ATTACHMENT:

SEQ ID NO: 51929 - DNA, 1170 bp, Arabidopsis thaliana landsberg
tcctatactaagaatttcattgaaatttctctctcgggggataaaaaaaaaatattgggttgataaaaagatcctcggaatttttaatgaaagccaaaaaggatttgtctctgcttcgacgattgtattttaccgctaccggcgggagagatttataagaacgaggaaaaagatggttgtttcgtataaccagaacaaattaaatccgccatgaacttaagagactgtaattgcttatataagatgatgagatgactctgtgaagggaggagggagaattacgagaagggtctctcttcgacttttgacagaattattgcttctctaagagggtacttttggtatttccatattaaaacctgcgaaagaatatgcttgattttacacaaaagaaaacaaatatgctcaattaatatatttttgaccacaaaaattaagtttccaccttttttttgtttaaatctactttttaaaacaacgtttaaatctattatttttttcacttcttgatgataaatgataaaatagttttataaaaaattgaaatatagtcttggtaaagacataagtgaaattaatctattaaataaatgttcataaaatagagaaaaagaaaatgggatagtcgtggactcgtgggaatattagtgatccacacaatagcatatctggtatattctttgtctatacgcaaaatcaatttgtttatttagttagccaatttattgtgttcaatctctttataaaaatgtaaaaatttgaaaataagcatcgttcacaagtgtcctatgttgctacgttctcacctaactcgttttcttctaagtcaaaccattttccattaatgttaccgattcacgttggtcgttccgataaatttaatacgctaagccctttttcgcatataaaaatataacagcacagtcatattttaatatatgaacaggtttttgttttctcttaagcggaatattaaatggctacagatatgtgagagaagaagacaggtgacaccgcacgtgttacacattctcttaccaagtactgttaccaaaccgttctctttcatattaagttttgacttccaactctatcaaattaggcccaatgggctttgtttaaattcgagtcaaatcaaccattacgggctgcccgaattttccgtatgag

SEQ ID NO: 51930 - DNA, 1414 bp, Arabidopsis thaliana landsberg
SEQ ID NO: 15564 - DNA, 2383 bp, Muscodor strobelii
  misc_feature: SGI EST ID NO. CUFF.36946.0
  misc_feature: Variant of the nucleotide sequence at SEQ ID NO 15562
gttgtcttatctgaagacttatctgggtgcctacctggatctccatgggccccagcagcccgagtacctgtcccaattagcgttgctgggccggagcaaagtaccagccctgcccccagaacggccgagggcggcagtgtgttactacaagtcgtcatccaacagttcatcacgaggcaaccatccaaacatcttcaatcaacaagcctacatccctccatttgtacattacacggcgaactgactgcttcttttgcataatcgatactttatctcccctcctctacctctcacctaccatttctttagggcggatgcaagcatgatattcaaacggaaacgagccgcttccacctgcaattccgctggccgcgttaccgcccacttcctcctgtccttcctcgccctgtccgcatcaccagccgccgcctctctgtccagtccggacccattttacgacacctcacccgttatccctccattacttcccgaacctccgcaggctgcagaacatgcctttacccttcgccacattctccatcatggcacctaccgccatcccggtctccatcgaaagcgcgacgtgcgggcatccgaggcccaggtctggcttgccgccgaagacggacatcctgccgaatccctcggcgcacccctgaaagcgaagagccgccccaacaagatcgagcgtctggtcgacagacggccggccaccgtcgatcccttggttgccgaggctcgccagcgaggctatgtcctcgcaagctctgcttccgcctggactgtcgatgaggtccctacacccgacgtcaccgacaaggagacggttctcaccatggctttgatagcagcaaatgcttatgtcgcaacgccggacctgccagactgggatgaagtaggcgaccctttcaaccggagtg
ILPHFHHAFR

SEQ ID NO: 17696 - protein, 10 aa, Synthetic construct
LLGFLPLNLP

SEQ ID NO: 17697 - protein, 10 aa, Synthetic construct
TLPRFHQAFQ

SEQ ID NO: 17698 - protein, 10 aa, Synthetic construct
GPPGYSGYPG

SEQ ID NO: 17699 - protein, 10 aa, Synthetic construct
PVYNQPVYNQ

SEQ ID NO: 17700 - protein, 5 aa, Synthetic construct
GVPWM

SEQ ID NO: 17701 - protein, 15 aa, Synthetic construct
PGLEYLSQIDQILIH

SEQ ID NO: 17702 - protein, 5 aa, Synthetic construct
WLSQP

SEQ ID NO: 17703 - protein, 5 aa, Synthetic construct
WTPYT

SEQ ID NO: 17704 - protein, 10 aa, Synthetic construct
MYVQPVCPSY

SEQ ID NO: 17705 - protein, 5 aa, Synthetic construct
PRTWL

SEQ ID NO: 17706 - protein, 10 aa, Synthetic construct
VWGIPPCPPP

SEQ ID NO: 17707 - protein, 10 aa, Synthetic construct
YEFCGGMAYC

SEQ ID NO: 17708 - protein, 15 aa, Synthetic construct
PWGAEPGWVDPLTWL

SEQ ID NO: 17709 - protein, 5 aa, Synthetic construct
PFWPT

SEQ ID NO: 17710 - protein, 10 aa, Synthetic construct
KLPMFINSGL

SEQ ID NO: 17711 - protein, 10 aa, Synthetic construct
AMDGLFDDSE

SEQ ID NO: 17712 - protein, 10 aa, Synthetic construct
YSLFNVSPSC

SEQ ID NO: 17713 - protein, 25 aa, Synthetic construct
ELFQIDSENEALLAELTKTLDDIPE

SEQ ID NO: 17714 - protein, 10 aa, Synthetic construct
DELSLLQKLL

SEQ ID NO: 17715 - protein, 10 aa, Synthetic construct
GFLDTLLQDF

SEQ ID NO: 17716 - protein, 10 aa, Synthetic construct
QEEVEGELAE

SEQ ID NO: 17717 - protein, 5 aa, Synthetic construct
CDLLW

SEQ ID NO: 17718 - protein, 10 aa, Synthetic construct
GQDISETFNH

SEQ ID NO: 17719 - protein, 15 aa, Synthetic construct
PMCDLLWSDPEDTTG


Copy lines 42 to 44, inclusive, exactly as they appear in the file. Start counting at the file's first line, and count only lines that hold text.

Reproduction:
YSLFNVSPSC

SEQ ID NO: 17713 - protein, 25 aa, Synthetic construct
ELFQIDSENEALLAELTKTLDDIPE